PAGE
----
How the cookies will crumble in 2022 (and what it means for your business)

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Author: Coordinate
laptop on table with google search

Digital marketing is set to be turned on its head in 2022 when Google bans third-party cookies on Chrome browsers.

Far more than just a tasty treat, digital cookies are a small text file dropped on websites which tracks what you do on that site, and your preferences. First-party cookies are used within the same website to keep track of your session, for example when you are online shopping and put an item in your basket. Even when you refresh the page, that item will still be in your basket, waiting for when you want to go to the final payment page.

Third party cookies are used to track your browsing habits across multiple sites and gather data on where you’ve visited and what you did there. So for example, the data can show that you’ve been browsing auto websites, and if you’ve downloaded a brochure or booked a test drive when you were there. Or think about a time when you’ve looked at something online and then keep seeing ads for that product or service pop up wherever you browse to. That was because of cookies.

Basically from a digital marketing perspective, these third-party cookies are one of the most significant currencies available to businesses.

Apple first banned third party cookies on Safari three years ago, but with only a 12% share of the browser market, it didn’t have too much of an impact. But with Chrome accounting for almost a further 50% of browser users, this change will significantly change how businesses can digitally target their customers.

Coordinate’s Digital Media Director Alexis Brassil, who has recently joined the Coordinate team, believes this change will mean many businesses may need to shift how they operate entirely when it comes to digital marketing. With more than 15 years experience in digital media in both independent agencies and large multinational agencies, Alexis says now is the time to act so you don’t find yourself back-pedalling when the changes are implemented.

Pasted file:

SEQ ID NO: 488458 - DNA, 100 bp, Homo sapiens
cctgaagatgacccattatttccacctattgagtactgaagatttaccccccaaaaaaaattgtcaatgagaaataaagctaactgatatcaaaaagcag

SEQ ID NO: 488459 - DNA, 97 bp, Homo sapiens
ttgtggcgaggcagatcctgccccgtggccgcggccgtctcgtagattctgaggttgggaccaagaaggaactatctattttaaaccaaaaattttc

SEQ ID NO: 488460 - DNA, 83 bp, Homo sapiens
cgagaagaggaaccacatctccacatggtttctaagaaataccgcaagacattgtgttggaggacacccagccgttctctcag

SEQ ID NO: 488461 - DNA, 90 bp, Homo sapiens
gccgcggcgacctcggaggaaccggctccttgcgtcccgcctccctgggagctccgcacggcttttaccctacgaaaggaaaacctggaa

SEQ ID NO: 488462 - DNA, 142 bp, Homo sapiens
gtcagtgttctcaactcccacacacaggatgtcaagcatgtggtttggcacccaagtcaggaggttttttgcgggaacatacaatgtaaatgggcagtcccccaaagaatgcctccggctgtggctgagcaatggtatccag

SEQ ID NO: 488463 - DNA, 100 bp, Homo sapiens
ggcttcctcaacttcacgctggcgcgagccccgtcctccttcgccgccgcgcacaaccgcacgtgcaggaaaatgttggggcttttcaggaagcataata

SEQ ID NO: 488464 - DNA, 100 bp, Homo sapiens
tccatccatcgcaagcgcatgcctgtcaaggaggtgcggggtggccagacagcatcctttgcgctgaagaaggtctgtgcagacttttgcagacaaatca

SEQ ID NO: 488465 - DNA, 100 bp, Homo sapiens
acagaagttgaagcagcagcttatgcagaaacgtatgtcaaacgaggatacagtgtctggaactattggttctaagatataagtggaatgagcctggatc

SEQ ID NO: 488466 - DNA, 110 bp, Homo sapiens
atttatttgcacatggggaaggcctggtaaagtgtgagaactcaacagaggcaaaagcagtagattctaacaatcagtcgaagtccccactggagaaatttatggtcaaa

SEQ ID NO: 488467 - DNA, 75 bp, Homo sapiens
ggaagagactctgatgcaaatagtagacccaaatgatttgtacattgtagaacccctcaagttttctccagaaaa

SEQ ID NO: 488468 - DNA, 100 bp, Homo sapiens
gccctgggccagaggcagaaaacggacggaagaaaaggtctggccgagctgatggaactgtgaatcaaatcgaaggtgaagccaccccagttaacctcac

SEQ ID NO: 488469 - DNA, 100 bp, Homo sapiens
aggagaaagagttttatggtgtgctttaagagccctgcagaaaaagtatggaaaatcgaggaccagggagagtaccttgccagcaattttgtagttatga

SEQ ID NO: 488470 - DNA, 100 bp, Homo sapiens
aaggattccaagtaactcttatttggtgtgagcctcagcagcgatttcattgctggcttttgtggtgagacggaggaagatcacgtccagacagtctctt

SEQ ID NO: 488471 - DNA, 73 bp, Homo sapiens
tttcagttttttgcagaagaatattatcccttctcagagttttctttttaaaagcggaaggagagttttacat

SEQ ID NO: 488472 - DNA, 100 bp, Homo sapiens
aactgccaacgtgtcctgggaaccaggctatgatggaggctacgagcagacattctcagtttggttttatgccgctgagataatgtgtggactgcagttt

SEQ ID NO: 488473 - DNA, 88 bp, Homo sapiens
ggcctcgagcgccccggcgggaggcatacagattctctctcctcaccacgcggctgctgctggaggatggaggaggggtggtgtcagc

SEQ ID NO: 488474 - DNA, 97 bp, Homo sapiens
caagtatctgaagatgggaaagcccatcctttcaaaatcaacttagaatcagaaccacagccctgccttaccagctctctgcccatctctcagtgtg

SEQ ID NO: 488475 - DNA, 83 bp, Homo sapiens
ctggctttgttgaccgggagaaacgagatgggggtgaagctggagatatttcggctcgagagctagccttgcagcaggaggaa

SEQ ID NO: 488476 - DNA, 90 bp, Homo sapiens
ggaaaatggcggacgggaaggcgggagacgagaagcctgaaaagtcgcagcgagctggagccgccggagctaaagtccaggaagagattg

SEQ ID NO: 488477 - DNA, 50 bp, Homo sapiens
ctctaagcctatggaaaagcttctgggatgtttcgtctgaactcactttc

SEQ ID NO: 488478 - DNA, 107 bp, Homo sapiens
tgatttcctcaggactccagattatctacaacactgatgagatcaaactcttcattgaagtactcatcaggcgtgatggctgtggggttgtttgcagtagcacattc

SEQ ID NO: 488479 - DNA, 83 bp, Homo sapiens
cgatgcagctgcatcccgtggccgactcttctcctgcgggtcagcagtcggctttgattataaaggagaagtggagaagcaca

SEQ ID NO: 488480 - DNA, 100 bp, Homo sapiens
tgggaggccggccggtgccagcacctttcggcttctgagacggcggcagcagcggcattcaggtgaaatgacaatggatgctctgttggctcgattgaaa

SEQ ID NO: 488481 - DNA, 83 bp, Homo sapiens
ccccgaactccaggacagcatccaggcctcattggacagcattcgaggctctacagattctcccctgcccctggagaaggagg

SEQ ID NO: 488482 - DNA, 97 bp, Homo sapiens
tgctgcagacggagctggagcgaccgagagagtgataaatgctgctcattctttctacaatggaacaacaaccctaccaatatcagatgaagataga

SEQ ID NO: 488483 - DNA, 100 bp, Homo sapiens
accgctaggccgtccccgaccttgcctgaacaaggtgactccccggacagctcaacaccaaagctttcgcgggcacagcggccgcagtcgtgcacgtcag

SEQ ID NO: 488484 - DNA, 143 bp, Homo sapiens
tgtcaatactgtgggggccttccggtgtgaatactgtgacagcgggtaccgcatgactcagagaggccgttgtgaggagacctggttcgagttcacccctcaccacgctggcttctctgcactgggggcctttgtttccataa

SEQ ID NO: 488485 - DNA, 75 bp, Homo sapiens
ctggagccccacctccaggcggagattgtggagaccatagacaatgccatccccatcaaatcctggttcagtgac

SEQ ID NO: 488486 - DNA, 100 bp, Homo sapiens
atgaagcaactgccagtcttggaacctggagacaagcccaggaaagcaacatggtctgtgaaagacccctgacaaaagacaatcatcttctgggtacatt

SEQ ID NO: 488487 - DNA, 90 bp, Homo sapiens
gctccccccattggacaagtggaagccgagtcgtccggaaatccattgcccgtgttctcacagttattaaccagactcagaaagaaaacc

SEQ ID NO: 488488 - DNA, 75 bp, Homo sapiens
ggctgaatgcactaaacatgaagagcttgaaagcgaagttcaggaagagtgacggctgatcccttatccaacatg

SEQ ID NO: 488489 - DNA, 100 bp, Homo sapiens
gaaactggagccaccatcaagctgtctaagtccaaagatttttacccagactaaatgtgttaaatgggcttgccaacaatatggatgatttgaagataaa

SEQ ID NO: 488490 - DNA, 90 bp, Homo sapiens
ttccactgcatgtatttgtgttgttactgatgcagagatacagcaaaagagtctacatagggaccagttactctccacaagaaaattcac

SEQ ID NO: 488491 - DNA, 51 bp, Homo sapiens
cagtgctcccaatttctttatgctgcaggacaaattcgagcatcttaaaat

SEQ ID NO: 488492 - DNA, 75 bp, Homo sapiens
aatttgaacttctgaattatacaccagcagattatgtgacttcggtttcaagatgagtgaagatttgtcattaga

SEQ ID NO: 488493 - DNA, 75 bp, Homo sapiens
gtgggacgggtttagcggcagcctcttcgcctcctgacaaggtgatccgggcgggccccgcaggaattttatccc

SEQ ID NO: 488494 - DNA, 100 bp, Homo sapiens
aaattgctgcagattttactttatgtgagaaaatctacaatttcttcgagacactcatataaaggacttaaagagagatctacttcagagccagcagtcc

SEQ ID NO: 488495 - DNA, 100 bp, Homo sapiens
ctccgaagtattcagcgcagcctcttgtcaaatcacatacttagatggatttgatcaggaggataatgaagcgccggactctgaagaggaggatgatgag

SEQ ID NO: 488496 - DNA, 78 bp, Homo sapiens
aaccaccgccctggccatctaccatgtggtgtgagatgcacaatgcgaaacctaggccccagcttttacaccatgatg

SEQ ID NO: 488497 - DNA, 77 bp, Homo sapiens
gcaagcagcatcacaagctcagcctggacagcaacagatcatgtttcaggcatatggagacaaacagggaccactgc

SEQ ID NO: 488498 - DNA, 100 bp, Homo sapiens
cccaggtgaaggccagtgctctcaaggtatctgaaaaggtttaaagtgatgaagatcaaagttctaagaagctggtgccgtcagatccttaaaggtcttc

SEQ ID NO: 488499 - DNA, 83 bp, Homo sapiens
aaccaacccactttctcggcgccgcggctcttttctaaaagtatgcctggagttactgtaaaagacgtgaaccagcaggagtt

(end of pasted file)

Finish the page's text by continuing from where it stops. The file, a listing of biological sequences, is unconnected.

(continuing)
“If you just leave it and wait, businesses may not even realise they’re in trouble. With the changes not coming into effect until 2022, we’ve got time to figure out exactly what you should do moving forward. But if businesses aren’t prepared, they’re going to lose pretty much all of their means for recording conversions and retargeting, and they’ll have to pedal back and figure out what they’re going to do.”

The change will mean that businesses who rely on retargeting advertising platforms will need to completely rethink their strategy, which will make for interesting times in the industry.

“There will probably be a deterministic algorithm to replace cookies when it comes to conversions, but when it comes to audience targeting we’ll probably have to pivot to think of other tactics. We may need to go back to basics a bit, like incentivised or more contextually relevant strategies, which is not such a bad thing. In the early days of digital advertising, we relied more on contextually relevant targeting. For example if you wanted to target people who were interested in news, you’d advertise on a news website, or if you were targeting people buying a car, you’d advertise on a car website. It will also become even more important and valuable for businesses to build their own first-party data, and advertisers may offer more incentives to encourage people to willingly hand over their information. We used to do this all the time with competitions and surveys and that sort of thing, so we might see a shift back to that style of advertising.”

Want to stay on the front foot with your business and ensure the changes to cookies don’t impact you? We can work with you now to help define your business goals and work out a solution so you don’t miss a beat and are ready for when the changes take effect.